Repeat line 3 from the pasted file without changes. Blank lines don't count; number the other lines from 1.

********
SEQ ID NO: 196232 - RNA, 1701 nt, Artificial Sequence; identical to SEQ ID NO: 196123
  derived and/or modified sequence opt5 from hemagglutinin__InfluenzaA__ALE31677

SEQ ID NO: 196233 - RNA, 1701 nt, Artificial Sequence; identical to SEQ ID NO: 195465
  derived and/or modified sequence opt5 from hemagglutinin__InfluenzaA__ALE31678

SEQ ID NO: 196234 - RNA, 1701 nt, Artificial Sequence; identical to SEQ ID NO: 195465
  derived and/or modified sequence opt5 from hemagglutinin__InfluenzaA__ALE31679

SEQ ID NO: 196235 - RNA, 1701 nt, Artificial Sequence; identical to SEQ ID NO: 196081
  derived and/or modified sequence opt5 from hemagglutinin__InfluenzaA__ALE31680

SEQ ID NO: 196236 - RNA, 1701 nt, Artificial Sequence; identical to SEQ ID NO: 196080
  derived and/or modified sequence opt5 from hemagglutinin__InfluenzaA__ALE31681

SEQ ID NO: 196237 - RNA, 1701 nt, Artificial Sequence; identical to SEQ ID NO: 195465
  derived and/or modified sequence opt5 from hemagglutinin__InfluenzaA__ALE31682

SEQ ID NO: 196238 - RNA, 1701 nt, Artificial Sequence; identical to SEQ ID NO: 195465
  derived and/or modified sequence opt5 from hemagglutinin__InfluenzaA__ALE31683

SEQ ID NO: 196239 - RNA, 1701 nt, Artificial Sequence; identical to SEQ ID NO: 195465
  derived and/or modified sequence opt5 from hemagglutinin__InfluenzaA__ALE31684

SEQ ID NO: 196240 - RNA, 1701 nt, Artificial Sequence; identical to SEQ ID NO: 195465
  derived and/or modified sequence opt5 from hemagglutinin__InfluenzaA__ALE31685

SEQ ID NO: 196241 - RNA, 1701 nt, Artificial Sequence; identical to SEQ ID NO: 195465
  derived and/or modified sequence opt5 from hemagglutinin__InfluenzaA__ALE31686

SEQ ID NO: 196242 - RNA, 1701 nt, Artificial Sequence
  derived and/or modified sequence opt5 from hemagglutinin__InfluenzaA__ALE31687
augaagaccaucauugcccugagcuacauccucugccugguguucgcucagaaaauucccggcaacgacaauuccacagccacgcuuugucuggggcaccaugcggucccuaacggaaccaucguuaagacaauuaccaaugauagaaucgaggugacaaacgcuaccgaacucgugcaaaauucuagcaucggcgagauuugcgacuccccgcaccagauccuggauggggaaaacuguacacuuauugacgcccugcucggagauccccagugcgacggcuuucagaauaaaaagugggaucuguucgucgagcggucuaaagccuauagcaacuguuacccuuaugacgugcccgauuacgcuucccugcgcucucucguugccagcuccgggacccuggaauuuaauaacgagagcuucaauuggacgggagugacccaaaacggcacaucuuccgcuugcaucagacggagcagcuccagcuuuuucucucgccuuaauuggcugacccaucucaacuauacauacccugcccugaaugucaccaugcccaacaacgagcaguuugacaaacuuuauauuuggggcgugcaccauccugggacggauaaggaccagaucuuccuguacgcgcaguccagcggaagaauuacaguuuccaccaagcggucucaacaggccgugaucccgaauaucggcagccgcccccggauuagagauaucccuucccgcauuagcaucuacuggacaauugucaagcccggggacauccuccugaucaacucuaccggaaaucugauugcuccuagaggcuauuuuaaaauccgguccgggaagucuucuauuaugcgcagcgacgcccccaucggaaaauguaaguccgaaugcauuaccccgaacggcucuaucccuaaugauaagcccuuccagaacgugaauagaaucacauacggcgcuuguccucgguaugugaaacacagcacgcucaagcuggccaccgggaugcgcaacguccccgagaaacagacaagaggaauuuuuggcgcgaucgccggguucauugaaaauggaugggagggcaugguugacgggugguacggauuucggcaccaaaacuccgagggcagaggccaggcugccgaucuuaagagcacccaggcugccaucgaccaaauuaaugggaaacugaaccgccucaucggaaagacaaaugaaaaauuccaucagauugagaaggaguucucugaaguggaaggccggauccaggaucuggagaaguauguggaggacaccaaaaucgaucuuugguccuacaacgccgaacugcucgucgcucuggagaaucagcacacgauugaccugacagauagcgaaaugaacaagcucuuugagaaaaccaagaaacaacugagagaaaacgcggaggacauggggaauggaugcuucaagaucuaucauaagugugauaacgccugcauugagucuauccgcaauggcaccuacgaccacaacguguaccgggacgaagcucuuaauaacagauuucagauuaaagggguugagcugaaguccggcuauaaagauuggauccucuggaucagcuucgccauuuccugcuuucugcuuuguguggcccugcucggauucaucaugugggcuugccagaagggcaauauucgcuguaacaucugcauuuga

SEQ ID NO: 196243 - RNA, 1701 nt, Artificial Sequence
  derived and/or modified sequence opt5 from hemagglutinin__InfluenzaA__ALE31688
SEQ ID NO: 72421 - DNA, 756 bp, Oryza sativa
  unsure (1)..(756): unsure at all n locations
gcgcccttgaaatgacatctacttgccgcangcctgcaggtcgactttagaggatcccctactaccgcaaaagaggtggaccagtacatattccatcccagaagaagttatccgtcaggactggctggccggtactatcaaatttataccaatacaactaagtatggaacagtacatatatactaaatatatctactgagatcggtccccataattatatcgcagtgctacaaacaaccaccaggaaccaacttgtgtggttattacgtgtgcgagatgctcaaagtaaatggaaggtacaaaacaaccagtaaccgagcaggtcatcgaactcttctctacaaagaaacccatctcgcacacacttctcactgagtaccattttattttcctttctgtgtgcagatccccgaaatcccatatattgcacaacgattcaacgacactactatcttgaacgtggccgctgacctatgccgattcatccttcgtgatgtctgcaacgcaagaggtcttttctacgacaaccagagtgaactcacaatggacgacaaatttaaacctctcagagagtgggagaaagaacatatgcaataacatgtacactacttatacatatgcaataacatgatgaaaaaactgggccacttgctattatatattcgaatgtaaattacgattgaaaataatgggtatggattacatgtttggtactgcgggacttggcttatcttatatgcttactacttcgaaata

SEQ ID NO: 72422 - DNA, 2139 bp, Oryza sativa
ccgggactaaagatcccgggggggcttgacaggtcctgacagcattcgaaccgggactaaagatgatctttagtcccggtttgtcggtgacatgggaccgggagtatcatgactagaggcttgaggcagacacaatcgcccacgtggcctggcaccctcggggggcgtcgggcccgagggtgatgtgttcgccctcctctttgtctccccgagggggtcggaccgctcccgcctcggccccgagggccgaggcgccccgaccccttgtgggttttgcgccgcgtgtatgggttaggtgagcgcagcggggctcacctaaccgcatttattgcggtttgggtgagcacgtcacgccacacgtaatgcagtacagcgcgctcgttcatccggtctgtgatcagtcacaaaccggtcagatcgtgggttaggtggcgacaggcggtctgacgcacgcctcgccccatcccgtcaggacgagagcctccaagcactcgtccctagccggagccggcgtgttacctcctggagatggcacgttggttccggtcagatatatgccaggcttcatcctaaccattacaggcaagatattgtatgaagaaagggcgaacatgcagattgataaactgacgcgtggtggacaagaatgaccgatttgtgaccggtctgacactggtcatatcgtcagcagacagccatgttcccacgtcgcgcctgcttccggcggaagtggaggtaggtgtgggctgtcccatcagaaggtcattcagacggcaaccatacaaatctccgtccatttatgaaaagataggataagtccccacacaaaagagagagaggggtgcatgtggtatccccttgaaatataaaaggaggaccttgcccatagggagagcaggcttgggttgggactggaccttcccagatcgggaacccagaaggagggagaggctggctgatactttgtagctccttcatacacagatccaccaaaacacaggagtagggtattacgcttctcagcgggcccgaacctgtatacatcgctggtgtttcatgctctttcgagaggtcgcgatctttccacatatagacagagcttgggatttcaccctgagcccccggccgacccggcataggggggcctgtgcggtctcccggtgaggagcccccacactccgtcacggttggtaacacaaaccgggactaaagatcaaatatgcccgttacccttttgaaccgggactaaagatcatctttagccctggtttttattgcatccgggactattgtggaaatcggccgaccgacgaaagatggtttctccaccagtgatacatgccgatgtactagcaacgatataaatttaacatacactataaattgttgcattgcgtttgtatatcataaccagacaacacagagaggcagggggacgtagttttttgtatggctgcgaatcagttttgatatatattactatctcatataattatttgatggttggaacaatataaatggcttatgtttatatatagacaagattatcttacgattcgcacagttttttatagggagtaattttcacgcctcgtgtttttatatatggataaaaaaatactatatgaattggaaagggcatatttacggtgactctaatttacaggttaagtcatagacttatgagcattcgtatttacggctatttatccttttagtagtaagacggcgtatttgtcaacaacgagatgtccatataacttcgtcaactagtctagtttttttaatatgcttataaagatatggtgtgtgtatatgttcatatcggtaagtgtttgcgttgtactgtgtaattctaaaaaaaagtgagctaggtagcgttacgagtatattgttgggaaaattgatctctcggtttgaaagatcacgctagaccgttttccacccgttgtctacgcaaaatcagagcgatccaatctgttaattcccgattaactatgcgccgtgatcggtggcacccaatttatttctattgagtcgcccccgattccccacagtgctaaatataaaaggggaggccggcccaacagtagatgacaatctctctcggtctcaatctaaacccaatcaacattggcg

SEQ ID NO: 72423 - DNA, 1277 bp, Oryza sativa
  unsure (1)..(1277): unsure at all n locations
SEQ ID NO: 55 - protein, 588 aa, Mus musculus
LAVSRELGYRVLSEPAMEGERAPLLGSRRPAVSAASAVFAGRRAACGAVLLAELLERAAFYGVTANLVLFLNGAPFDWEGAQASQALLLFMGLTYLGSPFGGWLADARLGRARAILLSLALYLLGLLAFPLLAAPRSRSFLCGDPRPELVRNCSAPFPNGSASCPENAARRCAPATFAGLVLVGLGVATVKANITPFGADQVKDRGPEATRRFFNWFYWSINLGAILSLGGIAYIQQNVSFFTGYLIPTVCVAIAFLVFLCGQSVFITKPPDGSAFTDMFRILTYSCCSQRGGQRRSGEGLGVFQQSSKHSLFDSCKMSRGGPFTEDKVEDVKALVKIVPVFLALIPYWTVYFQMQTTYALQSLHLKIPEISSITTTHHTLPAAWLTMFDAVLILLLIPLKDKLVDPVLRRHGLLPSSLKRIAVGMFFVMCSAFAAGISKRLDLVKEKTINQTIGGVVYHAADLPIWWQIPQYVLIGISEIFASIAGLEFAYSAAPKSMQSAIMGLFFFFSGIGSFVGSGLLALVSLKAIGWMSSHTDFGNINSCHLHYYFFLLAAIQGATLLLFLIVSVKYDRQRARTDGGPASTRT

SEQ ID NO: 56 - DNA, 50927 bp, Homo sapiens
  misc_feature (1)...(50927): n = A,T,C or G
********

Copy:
SEQ ID NO: 196233 - RNA, 1701 nt, Artificial Sequence; identical to SEQ ID NO: 195465